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What to Expect Series: Session 5: The Details of Demolition

Updated: Feb 16, 2022

When embarking on a large renovation, there is usually some demolition involved. While this stage can sometimes happen quite quickly, there are some situations where it can be delayed and the cost can increase. As interior designers, we do not deal with the demolition ourselves, rather, that is the responsibility of your General Contractor.

We are grateful to Quadrant Construction for sharing their knowledge with us in this blog post on Demolition and Asbestos Removal.


Most often the first stage of any construction project is demolition which  involves the destruction and removal of all elements that will not remain after the renovation. Often this means removing all old and unwanted items such as countertops, cabinets, drywall, flooring, windows, fireplaces and surrounds, exterior siding, etc. If items are in good shape, they can often be sold or donated to a building supply store like Habitat for Humanity ReStore.

As designers, we will often choose to keep some of these elements to add back into the design later. For instance, on one of our current projects, we saved some lighting and cabinet hardware to add back in to the new design. Old plus new can equal unique character elements that are truly one of a kind.

Demolition is a very dusty, dirty, and loud stage of the job. It is important to set up barriers (plastic or wood) to reduce dust/debris transfer to areas that are not in the scope of work.

Some clients want to get involved in this process for different reasons:

  1. Cost savings (depending on the complication factors of demolition as outlined below)

  2. Really hating an old feature of their house, they want to get revenge on it. (Those ugly cabinets that you have hated for years? Imagine how good it would feel to smash them!)

Of course, homeowners are also welcome to stay out of this process completely; many opt to move out entirely during the renovation process (See What to Expect Series: Session 1: Planning your Renovation Before the Renovation Starts for more details on moving out during your renovation). 

Below are a few of the complicating factors of demolition that can add a bit more cost and time to your project.


Ahh the dreaded “A” word… No one wants to hear that their home has asbestos, but it can be a pretty common thing to uncover in older homes built between 1945 and 1990. It doesn’t need to stop your project in its tracks as long as you have a competent General Contractor who can walk you through the process.

Examples of common Asbestos Containing Materials (ACM) are:

  1. Drywall compound

  2. Ceiling stipple

  3. Attic insulation

  4. Linoleum

  5. Exterior stucco

The first step is to take a sample of the material and have it tested by a qualified professional.

This is not an opportunity for a do-it-yourself moment.

If asbestos is found in any material,  the contractor is required by Alberta Occupational Health and Safety (OH&S) to hire a qualified subcontractor to remove all ACM according to OH&S regulations and standards. This is to protect the staff working in these conditions day-in and day-out and to protect the public as well as the homeowner. Once all the ACM are removed, demolition can continue.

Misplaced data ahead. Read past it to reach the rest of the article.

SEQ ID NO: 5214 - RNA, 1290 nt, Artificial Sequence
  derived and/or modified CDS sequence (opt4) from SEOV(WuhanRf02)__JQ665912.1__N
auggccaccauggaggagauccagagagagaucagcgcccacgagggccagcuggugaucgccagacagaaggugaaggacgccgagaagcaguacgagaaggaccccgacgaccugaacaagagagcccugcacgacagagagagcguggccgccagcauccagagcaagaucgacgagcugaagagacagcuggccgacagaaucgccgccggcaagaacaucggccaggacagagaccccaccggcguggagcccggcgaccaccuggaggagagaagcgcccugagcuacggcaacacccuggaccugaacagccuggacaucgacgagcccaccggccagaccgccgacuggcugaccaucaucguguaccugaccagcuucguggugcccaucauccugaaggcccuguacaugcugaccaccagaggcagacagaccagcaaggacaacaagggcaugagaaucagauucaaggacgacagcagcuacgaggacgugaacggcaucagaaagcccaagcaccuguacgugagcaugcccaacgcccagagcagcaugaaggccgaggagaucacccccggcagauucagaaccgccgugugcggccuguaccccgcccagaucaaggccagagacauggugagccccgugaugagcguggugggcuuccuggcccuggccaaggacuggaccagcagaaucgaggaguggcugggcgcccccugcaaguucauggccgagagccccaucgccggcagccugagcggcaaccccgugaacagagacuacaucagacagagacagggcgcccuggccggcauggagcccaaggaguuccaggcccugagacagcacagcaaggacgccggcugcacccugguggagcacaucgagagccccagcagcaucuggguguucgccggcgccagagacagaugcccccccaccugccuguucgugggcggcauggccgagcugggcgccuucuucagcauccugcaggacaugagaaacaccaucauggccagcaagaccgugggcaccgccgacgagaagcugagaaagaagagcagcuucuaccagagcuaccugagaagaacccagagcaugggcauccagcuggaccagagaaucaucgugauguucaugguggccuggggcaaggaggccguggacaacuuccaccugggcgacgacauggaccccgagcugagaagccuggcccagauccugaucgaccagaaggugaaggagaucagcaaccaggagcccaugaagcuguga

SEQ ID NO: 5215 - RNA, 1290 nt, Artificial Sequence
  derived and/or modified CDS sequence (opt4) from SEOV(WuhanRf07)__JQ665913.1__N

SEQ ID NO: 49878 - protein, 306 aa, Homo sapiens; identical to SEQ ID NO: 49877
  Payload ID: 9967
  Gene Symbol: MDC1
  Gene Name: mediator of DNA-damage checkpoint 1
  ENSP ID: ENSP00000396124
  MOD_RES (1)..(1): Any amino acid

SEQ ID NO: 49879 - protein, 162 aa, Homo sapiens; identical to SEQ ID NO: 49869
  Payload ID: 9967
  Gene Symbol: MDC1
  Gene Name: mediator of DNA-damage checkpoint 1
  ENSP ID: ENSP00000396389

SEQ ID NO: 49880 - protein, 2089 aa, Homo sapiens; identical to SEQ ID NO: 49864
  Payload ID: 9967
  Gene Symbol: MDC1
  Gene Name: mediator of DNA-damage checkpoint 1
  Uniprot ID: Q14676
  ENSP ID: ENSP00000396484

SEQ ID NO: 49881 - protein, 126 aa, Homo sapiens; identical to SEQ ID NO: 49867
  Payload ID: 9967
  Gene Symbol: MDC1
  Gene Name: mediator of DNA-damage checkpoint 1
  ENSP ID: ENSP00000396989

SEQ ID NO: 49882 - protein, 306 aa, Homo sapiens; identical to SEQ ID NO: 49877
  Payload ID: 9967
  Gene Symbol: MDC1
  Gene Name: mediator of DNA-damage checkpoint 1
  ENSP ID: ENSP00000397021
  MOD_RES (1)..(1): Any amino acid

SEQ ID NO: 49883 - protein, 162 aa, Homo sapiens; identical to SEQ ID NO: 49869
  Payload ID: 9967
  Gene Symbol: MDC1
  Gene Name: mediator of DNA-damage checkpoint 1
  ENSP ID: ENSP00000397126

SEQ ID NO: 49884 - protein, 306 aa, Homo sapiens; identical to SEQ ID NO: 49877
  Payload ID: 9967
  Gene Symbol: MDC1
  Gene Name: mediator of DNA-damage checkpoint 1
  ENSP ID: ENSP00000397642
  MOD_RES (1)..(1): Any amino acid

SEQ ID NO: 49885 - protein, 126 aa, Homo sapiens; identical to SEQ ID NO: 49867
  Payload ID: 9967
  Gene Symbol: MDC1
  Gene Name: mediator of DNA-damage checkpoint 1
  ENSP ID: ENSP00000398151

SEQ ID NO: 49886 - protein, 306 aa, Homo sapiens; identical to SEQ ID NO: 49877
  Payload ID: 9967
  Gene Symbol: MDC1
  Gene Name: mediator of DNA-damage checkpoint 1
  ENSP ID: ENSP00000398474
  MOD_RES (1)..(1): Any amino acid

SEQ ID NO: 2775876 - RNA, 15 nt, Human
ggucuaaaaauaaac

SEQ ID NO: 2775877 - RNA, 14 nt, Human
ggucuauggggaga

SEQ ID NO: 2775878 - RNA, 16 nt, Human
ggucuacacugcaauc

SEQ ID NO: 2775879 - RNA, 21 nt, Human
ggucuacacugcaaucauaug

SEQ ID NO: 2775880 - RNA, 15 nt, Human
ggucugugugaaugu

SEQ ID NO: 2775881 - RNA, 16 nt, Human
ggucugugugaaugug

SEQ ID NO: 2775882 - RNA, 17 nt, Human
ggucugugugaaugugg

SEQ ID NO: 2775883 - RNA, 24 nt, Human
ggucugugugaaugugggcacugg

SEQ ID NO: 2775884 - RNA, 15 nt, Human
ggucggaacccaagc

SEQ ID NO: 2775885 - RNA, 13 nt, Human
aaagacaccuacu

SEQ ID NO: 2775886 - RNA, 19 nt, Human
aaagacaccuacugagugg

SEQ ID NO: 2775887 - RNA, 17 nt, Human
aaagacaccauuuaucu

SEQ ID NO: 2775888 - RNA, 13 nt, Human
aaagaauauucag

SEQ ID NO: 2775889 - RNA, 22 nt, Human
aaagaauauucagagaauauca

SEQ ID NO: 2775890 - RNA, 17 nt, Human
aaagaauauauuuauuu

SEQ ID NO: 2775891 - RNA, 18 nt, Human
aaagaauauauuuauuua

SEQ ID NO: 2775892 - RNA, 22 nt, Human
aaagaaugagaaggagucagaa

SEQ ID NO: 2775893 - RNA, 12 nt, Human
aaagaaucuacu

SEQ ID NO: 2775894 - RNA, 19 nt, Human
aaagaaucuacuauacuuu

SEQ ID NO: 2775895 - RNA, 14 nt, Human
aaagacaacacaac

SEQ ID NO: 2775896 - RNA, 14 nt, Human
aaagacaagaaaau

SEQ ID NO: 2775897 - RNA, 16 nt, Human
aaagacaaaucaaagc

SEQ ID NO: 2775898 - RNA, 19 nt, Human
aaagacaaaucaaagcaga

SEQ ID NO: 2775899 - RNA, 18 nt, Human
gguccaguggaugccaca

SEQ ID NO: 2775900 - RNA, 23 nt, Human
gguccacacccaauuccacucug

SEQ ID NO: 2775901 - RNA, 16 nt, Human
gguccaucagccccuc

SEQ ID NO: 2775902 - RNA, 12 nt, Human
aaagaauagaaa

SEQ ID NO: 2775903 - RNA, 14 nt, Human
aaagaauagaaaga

It would be great to just be able to smash and demolish with no care in the world, however,  there are important things to know structurally in your space before doing so. Load bearing structures need to be identified before demolition and if the design plan calls to remove a load bearing structure, engineering is required. 

A qualified contractor will not remove any load bearing structures without a plan in place to reinforce your house first.  

Examples of load bearing structural changes are:

  1. Removing load bearing walls

  2. Remove teleposts in basements

  3. Changing roof lines.

  4. Enlarging windows both above and below grade

The safety of you and your family is dependant on your home’s structure, so it is important to trust the professionals on this one and set aside time for the building structure to be determined prior to knocking any walls down.


Another important consideration to structure is moving plumbing fixtures (i.e. toilets, showers etc).  Sometimes moving these items requires changing or reinforcing floor joists. A qualified contractor will be experienced in this and will not compromise the structure of your home when relocating plumbing fixtures.

Often, in older homes with old cast iron plumbing pipes underneath the basement slab (ground works), it is necessary to remove sections of the basement concrete slab in order to replace old or defective sewer lines.  

This type of demolition should be performed as one of the first steps in a project.  Although replacing the groundworks does not add to the overall aesthetics to a basement renovation, it prevents future demolition of your finished basement in order to correct defective groundworks.


While demolition is not always an exciting step in the process, it is important to get it right to ensure your renovation is off to a good start. A qualified contractor will take their time to ensure that the above factors are considered prior to starting the demolition. If you have any questions about demolition, or hiring a general contractor, contact our friends at Quadrant Construction.


Next week we are tackling the framing phase and what this means for timelines, decision changes and visualizing your final renovation.


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